|Birth: ||Mar. 4, 1756|
County Londonderry, Northern Ireland
|Death: ||Mar. 18, 1826|
West Virginia, USA
One of at least 6 sons born to John & Elizabeth Alexander Sommerville of Granshagh, near Londonderry, in the north of Ireland (at that time). It is not known how many children remained in Ireland, but 5 sons came to America over a period of years. Wm. and his brother Joseph arrived in Baltimore in 1773 on the ship Prince of Wales. He was 17. The brothers made their way to Chambersburg, Pa. where William lived with Joseph's family and near his brother George, who had been the first to arrive.
On the 8th of August of 1776 William enlisted in the 8th Penna. Rgmt. within 3 weeks of its' formation. Initially they were militia intended for defense of the frontier along the Ohio River. Almost immediately William fell ill, not an uncommon occurrence. He spent some months re-couperating in Kittaning, Pa. After returning to duty he was assigned to the quartermaster's dept. The 8th Pa had become part of the Continental Line by this time and had been ordered east to join the main army in New Jersey. This was very disconcerting for men expecting to defend their own families and farms on the frontier. Reluctantly they headed east over the mountains - a trip of 500 miles - through the snow. They arrived in January missing the Battle of Trenton. Armed only with their own hunting rifles, having no uniforms or supplies, and exhausted from the 500 mile trek, they were in no condition to fight once they arrived.
The 8th Pa. wintered at Valley Forge and participated in a number of well known battles in the east. Finally, they were reassigned to Fort Pitt and the Western Dept. William was stationed at Ft. Laurens and Ft. M'Intosh where he was given a field commission as lieutenant as per the daily orderly book.
In October of 1778 William was appointed Conductor of Artillery and Commissary of military stores for the Western Dept under Col. Chevalier de Cambry with a field commission as captain. He mustered out on the 20th of January, 1781 when the 8th was disbanded. After that William joined the Virginia militia assigned to General George Rogers Clark continuing to fight the British & Indians on the frontier.
He makes several references to an injury to the upper part of his left arm in 1784 which made physical labor close to impossible. At that point, he abandoned the military life and became a merchant.
One year after working as a clerk in Baltimore, William can be found living in White Post, Va., again near his brother George who had moved there during the war. There is a mention of this in a history of The White Post on the Fairfax estate. In 1786 Wm settled his accounts with the Board of War in NY. In 1788 he received his "final settlement certificates" from Col. David Hunter in Richmond, Virginia. He sold these for 1/2 their value in Baltimore in June of 1791 to the Andrew Kennedy Co. for mercantile supplies.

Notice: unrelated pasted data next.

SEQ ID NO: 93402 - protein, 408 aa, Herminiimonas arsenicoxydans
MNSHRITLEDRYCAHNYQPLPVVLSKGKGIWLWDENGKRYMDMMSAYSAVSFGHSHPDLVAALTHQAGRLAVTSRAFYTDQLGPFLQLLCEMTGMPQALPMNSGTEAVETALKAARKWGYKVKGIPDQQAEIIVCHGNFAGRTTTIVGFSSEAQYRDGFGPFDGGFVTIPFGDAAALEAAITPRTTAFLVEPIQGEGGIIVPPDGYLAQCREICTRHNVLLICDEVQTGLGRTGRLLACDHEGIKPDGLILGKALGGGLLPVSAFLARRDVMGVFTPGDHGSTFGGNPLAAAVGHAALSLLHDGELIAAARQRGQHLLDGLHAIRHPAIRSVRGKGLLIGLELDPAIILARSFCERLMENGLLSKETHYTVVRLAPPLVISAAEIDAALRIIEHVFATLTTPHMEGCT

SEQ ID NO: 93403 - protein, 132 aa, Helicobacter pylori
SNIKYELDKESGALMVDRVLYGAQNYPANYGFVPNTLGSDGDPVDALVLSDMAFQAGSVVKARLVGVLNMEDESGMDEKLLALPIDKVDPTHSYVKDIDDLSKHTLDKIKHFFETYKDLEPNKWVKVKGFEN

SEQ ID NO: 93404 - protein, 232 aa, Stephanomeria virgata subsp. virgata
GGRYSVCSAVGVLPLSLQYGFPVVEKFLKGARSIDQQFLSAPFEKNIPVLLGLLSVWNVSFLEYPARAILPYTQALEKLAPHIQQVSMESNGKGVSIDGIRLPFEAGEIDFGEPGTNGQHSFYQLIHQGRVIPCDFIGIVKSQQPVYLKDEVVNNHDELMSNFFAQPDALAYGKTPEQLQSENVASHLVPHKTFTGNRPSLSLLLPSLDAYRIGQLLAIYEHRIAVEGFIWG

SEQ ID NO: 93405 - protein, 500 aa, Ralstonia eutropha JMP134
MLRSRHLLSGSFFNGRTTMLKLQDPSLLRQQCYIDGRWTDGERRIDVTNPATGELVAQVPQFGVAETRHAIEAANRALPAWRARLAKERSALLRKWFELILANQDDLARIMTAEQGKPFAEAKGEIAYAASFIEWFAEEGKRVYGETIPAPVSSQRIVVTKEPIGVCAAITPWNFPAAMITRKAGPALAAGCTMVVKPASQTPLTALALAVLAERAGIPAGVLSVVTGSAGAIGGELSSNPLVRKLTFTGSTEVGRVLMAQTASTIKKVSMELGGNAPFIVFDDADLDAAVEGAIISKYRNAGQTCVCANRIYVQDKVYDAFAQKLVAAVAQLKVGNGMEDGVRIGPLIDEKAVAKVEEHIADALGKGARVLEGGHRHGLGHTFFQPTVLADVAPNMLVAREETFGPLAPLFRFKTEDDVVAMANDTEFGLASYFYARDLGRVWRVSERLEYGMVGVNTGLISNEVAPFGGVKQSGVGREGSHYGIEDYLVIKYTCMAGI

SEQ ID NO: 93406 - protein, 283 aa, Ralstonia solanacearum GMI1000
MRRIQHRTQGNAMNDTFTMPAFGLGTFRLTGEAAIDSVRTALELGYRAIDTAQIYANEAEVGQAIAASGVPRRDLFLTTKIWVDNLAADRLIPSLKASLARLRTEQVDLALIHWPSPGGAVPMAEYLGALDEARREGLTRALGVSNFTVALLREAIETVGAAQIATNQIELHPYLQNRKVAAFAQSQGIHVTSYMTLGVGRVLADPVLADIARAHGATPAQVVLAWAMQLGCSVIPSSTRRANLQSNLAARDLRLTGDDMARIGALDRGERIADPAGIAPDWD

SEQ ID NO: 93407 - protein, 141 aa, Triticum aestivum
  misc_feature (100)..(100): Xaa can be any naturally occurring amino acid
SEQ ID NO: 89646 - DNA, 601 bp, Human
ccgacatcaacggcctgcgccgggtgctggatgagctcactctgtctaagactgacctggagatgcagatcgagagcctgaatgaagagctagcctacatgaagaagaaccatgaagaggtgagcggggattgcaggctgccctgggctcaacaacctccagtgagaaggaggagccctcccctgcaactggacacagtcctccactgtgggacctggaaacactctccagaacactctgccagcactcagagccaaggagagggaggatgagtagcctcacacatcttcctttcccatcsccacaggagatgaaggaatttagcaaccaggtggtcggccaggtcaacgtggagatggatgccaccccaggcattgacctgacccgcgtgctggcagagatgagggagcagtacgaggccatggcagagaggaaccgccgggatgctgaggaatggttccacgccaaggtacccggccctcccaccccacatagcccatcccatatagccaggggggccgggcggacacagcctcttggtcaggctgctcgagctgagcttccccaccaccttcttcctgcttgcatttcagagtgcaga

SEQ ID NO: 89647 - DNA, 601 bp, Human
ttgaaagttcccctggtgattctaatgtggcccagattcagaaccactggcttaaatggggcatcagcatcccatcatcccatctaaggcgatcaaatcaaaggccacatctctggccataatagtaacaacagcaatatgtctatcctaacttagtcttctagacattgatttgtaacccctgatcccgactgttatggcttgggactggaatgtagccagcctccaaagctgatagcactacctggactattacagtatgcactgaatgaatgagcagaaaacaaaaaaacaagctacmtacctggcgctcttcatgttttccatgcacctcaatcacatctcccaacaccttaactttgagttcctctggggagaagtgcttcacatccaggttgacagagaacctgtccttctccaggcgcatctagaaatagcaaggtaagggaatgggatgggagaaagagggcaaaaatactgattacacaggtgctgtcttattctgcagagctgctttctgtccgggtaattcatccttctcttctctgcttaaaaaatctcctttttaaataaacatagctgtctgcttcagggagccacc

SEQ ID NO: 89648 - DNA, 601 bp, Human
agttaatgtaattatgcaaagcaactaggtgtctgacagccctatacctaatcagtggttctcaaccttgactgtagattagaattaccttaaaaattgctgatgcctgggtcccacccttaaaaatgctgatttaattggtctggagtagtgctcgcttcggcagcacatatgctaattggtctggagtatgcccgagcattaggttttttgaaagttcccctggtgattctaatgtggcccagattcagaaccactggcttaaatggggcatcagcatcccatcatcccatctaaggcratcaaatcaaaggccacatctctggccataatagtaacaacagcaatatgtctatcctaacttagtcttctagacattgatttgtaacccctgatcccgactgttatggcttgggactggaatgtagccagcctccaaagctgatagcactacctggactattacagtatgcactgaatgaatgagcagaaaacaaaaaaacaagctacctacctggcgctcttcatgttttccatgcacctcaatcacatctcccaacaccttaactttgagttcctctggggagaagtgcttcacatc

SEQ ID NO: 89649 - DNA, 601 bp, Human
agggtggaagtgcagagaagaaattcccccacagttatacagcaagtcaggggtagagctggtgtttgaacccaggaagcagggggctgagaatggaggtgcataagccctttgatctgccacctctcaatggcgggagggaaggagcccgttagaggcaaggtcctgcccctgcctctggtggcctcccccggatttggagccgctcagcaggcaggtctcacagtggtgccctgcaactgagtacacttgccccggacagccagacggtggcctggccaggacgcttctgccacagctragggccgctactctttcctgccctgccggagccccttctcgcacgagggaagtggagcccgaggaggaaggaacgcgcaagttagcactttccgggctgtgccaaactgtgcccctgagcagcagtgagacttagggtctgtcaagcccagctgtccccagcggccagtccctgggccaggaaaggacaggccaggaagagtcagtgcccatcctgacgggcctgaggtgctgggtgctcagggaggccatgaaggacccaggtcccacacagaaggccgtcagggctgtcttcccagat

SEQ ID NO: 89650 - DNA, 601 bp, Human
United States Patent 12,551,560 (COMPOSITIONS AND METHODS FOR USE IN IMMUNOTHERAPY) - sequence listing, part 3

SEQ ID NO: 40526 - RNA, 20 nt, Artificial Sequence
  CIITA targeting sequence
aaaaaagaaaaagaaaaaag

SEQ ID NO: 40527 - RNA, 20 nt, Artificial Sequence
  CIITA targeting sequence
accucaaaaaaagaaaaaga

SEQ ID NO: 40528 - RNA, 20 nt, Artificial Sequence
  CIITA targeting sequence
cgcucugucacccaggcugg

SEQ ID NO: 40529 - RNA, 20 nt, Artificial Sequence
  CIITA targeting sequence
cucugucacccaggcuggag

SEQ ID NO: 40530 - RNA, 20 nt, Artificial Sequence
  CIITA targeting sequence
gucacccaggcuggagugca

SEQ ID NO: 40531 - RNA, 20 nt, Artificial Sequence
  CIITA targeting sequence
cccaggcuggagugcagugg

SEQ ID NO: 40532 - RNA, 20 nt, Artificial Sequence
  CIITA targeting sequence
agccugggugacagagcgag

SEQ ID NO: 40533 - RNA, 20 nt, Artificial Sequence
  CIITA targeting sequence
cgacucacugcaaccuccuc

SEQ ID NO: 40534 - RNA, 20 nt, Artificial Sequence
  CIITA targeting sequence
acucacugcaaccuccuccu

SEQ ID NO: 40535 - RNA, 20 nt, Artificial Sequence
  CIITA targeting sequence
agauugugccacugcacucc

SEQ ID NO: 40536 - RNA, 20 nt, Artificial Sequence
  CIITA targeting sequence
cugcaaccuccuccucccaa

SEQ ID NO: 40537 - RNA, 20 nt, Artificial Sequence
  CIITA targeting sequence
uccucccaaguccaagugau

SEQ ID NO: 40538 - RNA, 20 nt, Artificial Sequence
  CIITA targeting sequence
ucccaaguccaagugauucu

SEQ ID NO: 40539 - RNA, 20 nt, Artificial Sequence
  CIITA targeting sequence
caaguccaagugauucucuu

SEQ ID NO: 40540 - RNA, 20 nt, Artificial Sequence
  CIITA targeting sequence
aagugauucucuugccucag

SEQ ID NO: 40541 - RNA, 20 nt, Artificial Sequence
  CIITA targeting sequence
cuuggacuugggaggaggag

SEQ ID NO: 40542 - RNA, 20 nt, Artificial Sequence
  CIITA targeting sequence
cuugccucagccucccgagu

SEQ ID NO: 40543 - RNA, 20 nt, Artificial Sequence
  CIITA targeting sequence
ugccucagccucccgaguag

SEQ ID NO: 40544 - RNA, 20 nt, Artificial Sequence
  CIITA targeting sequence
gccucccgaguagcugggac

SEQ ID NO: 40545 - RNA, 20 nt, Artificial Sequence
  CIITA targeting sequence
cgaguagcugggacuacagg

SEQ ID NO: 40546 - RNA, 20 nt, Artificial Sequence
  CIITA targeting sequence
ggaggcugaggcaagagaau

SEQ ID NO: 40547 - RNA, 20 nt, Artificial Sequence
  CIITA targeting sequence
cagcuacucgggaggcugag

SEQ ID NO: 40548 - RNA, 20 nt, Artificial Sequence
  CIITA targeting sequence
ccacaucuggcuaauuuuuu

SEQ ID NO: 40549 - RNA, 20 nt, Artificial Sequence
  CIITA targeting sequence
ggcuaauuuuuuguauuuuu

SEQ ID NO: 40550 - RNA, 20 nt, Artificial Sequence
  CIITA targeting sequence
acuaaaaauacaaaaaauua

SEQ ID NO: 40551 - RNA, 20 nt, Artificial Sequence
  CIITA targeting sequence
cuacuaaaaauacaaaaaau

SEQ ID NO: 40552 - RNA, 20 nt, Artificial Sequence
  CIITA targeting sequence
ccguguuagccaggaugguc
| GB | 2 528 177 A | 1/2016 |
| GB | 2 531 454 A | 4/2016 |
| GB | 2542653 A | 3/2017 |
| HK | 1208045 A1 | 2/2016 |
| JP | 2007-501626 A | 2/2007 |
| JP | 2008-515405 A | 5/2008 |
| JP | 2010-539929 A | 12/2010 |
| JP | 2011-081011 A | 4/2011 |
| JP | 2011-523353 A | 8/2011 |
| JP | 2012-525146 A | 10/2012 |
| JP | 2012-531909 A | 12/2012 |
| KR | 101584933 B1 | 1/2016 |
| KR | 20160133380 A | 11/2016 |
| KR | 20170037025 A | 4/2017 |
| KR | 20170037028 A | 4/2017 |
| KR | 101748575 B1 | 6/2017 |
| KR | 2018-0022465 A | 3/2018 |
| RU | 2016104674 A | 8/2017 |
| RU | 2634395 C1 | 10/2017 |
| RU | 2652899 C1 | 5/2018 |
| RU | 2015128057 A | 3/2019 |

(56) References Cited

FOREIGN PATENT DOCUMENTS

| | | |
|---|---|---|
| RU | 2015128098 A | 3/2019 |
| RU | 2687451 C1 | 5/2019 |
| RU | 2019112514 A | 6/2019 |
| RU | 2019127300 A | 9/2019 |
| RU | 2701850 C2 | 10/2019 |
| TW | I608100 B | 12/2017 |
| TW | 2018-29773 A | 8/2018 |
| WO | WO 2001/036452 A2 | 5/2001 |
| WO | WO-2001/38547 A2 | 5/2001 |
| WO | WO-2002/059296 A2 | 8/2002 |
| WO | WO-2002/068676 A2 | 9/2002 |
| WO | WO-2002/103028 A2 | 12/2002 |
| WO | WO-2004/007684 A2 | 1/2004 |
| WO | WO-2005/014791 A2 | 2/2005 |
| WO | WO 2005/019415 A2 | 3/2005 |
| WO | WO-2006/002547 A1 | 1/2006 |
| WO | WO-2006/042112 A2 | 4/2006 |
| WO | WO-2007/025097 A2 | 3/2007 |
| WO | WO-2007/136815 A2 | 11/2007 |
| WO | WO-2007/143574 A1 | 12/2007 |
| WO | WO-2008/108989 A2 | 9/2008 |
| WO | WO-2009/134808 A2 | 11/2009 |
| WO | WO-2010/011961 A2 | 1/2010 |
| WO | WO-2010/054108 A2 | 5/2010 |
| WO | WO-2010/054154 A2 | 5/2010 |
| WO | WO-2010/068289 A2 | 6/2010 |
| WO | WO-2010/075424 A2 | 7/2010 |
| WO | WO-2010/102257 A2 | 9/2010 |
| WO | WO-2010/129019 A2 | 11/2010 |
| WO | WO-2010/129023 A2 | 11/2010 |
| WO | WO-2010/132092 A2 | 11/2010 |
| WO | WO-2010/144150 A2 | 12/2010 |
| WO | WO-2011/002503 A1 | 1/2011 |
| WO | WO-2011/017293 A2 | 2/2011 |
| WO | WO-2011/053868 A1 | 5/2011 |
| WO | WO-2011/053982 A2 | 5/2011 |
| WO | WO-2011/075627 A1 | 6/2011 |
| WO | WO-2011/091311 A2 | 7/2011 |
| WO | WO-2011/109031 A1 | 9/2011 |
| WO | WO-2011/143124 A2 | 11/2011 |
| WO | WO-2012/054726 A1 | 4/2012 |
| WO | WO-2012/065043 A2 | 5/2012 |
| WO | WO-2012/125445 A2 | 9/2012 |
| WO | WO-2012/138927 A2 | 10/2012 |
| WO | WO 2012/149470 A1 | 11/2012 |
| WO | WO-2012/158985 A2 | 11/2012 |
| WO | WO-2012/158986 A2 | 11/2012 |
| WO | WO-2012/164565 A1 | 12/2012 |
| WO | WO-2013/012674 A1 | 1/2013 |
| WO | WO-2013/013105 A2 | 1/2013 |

In 1794 William was living in Martinsburg, Va. He bought out his brother Joseph who used the money for yet another a new start in Harrison Co. In April of 1802 William was appointed Postmaster during the administration of Thomas Jefferson. At the age of 52 (1808) Wm married Margaret Brown of Charles Town and became the father of 5 children. Wm kept a diary all of his life. The last known remnant covering the period of 1810 -12 can be found in the special collection at the University of West Va. It is an interesting snapshot of life in Martinsburg during those years. There are comments about the nation's birthday and what little regard there seemed to be for something that had come at such a high price, William's fear and excitement when the revolution had started, another fast approaching war with England, the divorce of Napoleon and many other observations of both local and world events.
William owned books, was well read and an avid reader of the newspapers that passed through the post office. He also cultivated and traded Irish daisies. He felt himself to be Irish but did not identify with the religious politics of Londonderry. He had his 1st child baptized by the Catholic priest because the Presbyterian minister would not come to his home to do it.
William maintained contact with army comrades. The 8th Penna. Rgmt had been mustered out in the Martinsburg area, many of it's members settled there. One of those was Col. John Morrow. But William also corresponded with a wide range of people who lived all over. He also corresponded with 2 Sommerville nephews, John and Robert M. Both of whom hold their own place in the new nation's history.
John Sommerville (1710 - 1785)
Elizabeth Alexander Sommerville
Margaret Brown Sommerville (1787 - 1840)
Nancy Gibbs Sommerville (1809 - 1828)*
Elizabeth Alexander Sommerville Edwards (1812 - 1886)*
Margaretta Brown Sommerville (1815 - 1826)*
Robert Alexander Sommerville (1817 - 1877)*
William Augustus Sommerville (1819 - 1846)*
George Sommerville (1746 - 1801)*
Joseph Sommerville (1748 - 1814)*
Thomas Sommerville (1750 - 1835)*
William Sommerville (1756 - 1826)
Alexander Sommerville (1763 - 1833)*
Note: old ground with no marker
Norbourne Parish Cemetery
West Virginia, USA
Plot: old ground
Created by: connie jansen
Record added: May 19, 2009
Find A Grave Memorial# 37275719
May GOD Bless you and all which do and/or the ones which may come here to pay tribute and view ! Yes as you so have blessed us and all these UNITED STATES of North America ! Thank you for your being and your service! ::|
Jonathan Robert De Mallie, Historian
Added: Dec. 17, 2014
Thinking of you on Memorial Day.|
Connie Sommerville Jansen
Added: May. 26, 2014
I finally figured out the symbol you started every diary entry with - the sartrine cross(X) of St Patrick symbol of Londonderry with 5 dots - one for each brother who emigrated to America with you.|
Connie Sommerville Jansen
Added: Mar. 4, 2014
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